- The Washington Times - Thursday, August 4, 2016

It is vacation time for President Obama and his family, now in sleek and refreshing Martha’s Vineyard for the annual summer getaway — the last for them, at least as the first family.

Aside from occasional reports on family outings or the weather, the media will respect the Obamas’ privacy during the stay, which they deserve. The news vacuum must be filled, however — which means that GOP nominee Donald Trump should brace for more negative coverage. The Washington Post, for example, has just launched a “Donald Trump-Mike Pence divergence tracker” that will publicly document any differences in opinion that the running mates may have. The Democratic Coalition Against Trump, meanwhile, has filed a Freedom of Information Act request seeking Melania Trump’s immigration records. There’s much more to come.

But there’s also pushback. In a wide-ranging interview with Fox News, Mr. Trump’s campaign chairman  Paul Manafort made it clear that all was well in the Trump camp, as well as the GOP.

“The Republican Party is united. Do we agree on everything? No. You know, Mr. Trump is an outsider. He hasn’t been a part of the political system so his relationships with the leadership of the party are not as deep and long as traditionally it would be with the Republican nominee. But that’s not to say he doesn’t have good relations,” he continued. “They all agree on one thing. We need a Republican president and a Republican Congress. And then we’ll make the changes that America needs.”

And what about Mr. Obama’s reaction to the candidate’s concern that the 2016 was rigged? The president called the concern “ridiculous” and dismissed it.

“For someone whose career got jumpstarted by the Chicago machine I was surprised to hear him say that. If you rely on the Justice Department to ensure the security of elections, we have to be worried,” Mr. Manafort said.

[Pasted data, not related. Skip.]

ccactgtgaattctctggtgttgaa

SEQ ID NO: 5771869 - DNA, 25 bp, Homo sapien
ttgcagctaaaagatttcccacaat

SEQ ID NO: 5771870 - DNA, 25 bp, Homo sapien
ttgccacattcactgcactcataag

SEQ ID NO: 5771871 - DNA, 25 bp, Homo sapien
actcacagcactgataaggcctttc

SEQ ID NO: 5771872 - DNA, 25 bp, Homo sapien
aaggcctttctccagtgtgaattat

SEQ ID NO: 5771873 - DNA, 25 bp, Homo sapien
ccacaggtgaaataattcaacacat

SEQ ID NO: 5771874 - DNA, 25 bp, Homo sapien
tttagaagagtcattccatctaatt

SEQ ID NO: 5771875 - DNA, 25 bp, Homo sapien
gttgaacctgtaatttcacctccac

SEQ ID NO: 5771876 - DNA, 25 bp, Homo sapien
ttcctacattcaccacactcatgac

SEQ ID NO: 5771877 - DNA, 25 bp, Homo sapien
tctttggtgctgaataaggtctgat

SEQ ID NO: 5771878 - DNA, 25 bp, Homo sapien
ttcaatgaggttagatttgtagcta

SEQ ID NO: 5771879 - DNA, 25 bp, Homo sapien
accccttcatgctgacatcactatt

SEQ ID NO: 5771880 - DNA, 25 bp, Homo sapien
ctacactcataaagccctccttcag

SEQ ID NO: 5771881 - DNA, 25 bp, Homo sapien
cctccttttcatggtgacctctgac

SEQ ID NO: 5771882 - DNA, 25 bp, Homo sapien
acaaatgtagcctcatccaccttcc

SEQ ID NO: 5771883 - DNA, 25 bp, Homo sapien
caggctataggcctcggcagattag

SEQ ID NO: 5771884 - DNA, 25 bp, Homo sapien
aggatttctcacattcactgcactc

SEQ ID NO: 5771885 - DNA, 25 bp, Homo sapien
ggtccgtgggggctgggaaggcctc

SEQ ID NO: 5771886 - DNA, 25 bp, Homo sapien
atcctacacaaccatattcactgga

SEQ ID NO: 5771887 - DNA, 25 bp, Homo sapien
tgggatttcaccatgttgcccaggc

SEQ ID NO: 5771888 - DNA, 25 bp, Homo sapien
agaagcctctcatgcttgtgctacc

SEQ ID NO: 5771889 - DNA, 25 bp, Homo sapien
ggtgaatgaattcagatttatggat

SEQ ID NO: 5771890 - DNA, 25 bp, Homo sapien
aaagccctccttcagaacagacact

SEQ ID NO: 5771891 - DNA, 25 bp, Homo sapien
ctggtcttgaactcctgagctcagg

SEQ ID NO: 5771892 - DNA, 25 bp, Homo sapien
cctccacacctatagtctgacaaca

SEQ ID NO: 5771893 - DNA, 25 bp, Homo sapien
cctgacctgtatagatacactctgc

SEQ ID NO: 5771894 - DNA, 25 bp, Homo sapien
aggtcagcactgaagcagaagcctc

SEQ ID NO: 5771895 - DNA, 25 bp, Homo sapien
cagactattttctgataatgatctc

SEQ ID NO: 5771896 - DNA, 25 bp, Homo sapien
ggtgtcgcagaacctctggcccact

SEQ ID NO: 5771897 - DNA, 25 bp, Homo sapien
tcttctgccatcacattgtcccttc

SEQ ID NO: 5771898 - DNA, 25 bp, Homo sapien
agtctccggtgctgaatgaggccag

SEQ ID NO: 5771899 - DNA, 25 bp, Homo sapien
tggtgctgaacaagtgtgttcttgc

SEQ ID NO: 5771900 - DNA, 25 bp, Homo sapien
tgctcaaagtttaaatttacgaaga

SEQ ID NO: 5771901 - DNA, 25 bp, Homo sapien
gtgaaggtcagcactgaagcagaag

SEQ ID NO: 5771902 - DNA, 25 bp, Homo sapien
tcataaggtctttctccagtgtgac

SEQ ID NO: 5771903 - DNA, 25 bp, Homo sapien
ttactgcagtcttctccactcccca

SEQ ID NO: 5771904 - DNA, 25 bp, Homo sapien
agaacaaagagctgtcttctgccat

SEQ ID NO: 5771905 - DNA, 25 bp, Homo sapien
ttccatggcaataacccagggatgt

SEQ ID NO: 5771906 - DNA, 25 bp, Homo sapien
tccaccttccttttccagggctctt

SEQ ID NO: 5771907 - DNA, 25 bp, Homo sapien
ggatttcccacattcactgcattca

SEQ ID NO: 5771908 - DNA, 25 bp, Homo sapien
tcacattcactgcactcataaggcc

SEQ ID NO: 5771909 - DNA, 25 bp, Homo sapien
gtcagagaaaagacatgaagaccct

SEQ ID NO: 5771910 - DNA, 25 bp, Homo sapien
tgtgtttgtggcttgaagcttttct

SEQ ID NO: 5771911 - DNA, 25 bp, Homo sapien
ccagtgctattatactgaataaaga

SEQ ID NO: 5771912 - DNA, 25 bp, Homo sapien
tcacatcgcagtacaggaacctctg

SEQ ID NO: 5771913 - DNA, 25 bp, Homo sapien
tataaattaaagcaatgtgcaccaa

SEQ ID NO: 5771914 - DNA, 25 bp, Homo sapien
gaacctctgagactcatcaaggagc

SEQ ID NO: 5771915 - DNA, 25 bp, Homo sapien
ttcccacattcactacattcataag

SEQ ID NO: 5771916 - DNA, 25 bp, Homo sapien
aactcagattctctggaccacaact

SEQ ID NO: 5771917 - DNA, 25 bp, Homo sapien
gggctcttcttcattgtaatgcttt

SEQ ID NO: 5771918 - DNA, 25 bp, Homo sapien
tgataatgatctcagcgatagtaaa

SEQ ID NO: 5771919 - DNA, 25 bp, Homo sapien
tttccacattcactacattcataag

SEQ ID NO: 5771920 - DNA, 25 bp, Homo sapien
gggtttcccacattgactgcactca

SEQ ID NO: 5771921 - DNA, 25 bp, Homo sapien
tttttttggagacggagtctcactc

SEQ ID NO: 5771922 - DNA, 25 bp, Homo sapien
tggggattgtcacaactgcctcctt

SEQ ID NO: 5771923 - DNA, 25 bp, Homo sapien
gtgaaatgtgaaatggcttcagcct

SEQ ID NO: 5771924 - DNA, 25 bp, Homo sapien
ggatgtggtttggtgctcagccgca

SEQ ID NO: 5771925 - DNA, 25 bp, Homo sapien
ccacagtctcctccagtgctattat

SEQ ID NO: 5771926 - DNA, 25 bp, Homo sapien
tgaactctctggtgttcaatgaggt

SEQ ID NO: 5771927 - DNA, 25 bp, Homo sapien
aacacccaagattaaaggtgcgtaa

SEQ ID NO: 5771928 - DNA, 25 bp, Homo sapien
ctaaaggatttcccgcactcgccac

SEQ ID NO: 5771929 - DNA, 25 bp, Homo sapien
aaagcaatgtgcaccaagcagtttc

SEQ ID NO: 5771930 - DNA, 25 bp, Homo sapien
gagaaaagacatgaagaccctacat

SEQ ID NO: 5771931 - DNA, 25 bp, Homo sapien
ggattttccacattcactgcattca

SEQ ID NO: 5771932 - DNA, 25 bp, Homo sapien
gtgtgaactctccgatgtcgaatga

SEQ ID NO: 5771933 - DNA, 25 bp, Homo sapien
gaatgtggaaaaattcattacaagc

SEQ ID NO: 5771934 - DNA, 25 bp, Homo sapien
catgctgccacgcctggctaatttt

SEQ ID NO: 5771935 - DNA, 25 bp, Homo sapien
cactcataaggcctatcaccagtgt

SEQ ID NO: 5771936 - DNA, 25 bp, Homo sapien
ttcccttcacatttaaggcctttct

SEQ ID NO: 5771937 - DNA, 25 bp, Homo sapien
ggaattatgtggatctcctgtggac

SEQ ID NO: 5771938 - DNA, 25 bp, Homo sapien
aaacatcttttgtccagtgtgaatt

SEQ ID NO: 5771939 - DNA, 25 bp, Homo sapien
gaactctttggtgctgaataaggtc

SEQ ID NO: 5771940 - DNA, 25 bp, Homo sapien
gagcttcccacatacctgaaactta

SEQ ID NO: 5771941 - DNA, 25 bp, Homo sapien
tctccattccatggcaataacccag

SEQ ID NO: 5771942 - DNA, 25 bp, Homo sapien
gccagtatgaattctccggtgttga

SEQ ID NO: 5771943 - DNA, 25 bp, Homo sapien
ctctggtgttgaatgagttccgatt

The campaign guru also criticized Mr. Obama’s insistence that Mr. Trump should act more presidential on the campaign trail.

“Well, we certainly are not using him as a role model. I mean, here is a president who is going around the world apologizing for everything the United States has done over the last 100 years. Here is a president who has taken the economy, and doesn’t deserve an A for what he’s done. He’s destabilized the world with the foreign policy he constructed with Hillary Clinton  that put our enemies in positions of strength and our allies in positions of weakness. He’s changed the whole role of the United States as a leader in the world. So when he says that Donald Trump needs to start acting like a president, he doesn’t recognize the fact that he’s the wrong – Obama – he’s the wrong role model,” said Mr. Manafort.

Mr. Trump, meanwhile, knows the workings of both the media and showbiz. He is forging ahead, ignoring the hue and cry from the press and concentrating on what caught voters’ attention in the first place.

“In just a few short months, I’m going to be your next president,” he advises in a jaunty new voter outreach. “Before I take the Oath of Office I want to know, what do you think should be my first priority? Build the wall? Rip up and renegotiate bad trade deals? Defeat ISIS? I know there is a lot to do, to fix these past eight years, but I’ve never run away from a challenge. Especially one where the stakes are so high.”


Though certain journalists would prefer that Donald Trump just up and quit the 2016 race forthwith, that is not happening. Mr. Trump is still drawing huge, enthusiastic crowds who don’t heed the media’s insistence that the candidate is “unfit” — the current descriptor of choice among critical journalists.